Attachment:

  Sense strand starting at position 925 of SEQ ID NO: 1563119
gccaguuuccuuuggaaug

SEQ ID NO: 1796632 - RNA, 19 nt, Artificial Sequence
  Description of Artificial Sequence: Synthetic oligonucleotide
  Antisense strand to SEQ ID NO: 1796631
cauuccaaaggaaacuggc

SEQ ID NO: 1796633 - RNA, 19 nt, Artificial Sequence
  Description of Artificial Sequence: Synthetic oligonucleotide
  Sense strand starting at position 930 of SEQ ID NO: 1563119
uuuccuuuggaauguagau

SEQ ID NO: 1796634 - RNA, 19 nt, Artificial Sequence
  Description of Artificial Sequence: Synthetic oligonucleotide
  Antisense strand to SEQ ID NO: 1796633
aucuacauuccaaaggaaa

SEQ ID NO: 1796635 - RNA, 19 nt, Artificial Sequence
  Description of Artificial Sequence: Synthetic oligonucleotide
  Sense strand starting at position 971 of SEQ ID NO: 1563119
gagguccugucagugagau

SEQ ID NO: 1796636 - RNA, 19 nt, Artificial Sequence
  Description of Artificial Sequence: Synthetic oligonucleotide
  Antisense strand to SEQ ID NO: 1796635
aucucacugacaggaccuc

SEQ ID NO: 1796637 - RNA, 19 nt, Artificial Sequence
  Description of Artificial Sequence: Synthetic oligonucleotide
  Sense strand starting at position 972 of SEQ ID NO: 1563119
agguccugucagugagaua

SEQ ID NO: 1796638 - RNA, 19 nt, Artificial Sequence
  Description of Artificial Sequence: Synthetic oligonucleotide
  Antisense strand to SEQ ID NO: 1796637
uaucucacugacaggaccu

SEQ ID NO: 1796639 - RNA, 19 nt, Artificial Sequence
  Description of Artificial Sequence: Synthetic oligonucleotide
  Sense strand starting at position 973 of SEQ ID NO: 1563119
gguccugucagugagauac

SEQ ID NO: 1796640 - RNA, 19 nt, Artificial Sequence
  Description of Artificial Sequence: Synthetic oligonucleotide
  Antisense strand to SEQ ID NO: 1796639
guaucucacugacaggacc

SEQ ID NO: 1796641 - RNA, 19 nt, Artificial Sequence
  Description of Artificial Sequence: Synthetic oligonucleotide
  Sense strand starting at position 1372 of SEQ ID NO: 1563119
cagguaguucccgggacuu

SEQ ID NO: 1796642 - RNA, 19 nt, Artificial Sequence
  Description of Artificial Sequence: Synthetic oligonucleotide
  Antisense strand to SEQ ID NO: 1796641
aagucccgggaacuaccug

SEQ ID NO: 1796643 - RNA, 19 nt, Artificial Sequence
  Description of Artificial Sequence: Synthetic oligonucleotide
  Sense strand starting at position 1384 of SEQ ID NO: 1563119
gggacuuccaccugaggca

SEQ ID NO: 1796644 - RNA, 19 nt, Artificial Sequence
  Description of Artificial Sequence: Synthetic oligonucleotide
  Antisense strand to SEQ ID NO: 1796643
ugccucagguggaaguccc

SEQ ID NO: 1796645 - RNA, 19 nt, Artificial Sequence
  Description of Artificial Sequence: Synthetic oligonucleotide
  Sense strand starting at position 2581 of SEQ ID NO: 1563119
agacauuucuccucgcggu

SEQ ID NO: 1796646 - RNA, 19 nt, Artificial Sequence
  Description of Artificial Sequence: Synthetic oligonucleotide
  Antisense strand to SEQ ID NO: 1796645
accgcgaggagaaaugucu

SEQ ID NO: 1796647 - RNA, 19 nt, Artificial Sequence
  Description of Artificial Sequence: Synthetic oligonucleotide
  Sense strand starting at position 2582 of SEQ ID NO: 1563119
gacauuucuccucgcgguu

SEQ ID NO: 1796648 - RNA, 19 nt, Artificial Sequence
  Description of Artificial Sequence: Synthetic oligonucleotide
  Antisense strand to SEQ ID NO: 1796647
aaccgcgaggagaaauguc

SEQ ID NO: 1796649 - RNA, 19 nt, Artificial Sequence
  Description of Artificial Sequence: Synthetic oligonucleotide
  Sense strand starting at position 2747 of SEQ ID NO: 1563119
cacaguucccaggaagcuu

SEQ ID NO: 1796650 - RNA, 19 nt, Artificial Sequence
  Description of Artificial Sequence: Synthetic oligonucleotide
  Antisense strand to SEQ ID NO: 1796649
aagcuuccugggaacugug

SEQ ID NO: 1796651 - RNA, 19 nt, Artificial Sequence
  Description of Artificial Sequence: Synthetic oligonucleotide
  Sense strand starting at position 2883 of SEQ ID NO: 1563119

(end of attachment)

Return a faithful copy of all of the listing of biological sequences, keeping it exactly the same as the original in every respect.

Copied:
  Sense strand starting at position 925 of SEQ ID NO: 1563119
gccaguuuccuuuggaaug

SEQ ID NO: 1796632 - RNA, 19 nt, Artificial Sequence
  Description of Artificial Sequence: Synthetic oligonucleotide
  Antisense strand to SEQ ID NO: 1796631
cauuccaaaggaaacuggc

SEQ ID NO: 1796633 - RNA, 19 nt, Artificial Sequence
  Description of Artificial Sequence: Synthetic oligonucleotide
  Sense strand starting at position 930 of SEQ ID NO: 1563119
uuuccuuuggaauguagau

SEQ ID NO: 1796634 - RNA, 19 nt, Artificial Sequence
  Description of Artificial Sequence: Synthetic oligonucleotide
  Antisense strand to SEQ ID NO: 1796633
aucuacauuccaaaggaaa

SEQ ID NO: 1796635 - RNA, 19 nt, Artificial Sequence
  Description of Artificial Sequence: Synthetic oligonucleotide
  Sense strand starting at position 971 of SEQ ID NO: 1563119
gagguccugucagugagau

SEQ ID NO: 1796636 - RNA, 19 nt, Artificial Sequence
  Description of Artificial Sequence: Synthetic oligonucleotide
  Antisense strand to SEQ ID NO: 1796635
aucucacugacaggaccuc

SEQ ID NO: 1796637 - RNA, 19 nt, Artificial Sequence
  Description of Artificial Sequence: Synthetic oligonucleotide
  Sense strand starting at position 972 of SEQ ID NO: 1563119
agguccugucagugagaua

SEQ ID NO: 1796638 - RNA, 19 nt, Artificial Sequence
  Description of Artificial Sequence: Synthetic oligonucleotide
  Antisense strand to SEQ ID NO: 1796637
uaucucacugacaggaccu

SEQ ID NO: 1796639 - RNA, 19 nt, Artificial Sequence
  Description of Artificial Sequence: Synthetic oligonucleotide
  Sense strand starting at position 973 of SEQ ID NO: 1563119
gguccugucagugagauac

SEQ ID NO: 1796640 - RNA, 19 nt, Artificial Sequence
  Description of Artificial Sequence: Synthetic oligonucleotide
  Antisense strand to SEQ ID NO: 1796639
guaucucacugacaggacc

SEQ ID NO: 1796641 - RNA, 19 nt, Artificial Sequence
  Description of Artificial Sequence: Synthetic oligonucleotide
  Sense strand starting at position 1372 of SEQ ID NO: 1563119
cagguaguucccgggacuu

SEQ ID NO: 1796642 - RNA, 19 nt, Artificial Sequence
  Description of Artificial Sequence: Synthetic oligonucleotide
  Antisense strand to SEQ ID NO: 1796641
aagucccgggaacuaccug

SEQ ID NO: 1796643 - RNA, 19 nt, Artificial Sequence
  Description of Artificial Sequence: Synthetic oligonucleotide
  Sense strand starting at position 1384 of SEQ ID NO: 1563119
gggacuuccaccugaggca

SEQ ID NO: 1796644 - RNA, 19 nt, Artificial Sequence
  Description of Artificial Sequence: Synthetic oligonucleotide
  Antisense strand to SEQ ID NO: 1796643
ugccucagguggaaguccc

SEQ ID NO: 1796645 - RNA, 19 nt, Artificial Sequence
  Description of Artificial Sequence: Synthetic oligonucleotide
  Sense strand starting at position 2581 of SEQ ID NO: 1563119
agacauuucuccucgcggu

SEQ ID NO: 1796646 - RNA, 19 nt, Artificial Sequence
  Description of Artificial Sequence: Synthetic oligonucleotide
  Antisense strand to SEQ ID NO: 1796645
accgcgaggagaaaugucu

SEQ ID NO: 1796647 - RNA, 19 nt, Artificial Sequence
  Description of Artificial Sequence: Synthetic oligonucleotide
  Sense strand starting at position 2582 of SEQ ID NO: 1563119
gacauuucuccucgcgguu

SEQ ID NO: 1796648 - RNA, 19 nt, Artificial Sequence
  Description of Artificial Sequence: Synthetic oligonucleotide
  Antisense strand to SEQ ID NO: 1796647
aaccgcgaggagaaauguc

SEQ ID NO: 1796649 - RNA, 19 nt, Artificial Sequence
  Description of Artificial Sequence: Synthetic oligonucleotide
  Sense strand starting at position 2747 of SEQ ID NO: 1563119
cacaguucccaggaagcuu

SEQ ID NO: 1796650 - RNA, 19 nt, Artificial Sequence
  Description of Artificial Sequence: Synthetic oligonucleotide
  Antisense strand to SEQ ID NO: 1796649
aagcuuccugggaacugug

SEQ ID NO: 1796651 - RNA, 19 nt, Artificial Sequence
  Description of Artificial Sequence: Synthetic oligonucleotide
  Sense strand starting at position 2883 of SEQ ID NO: 1563119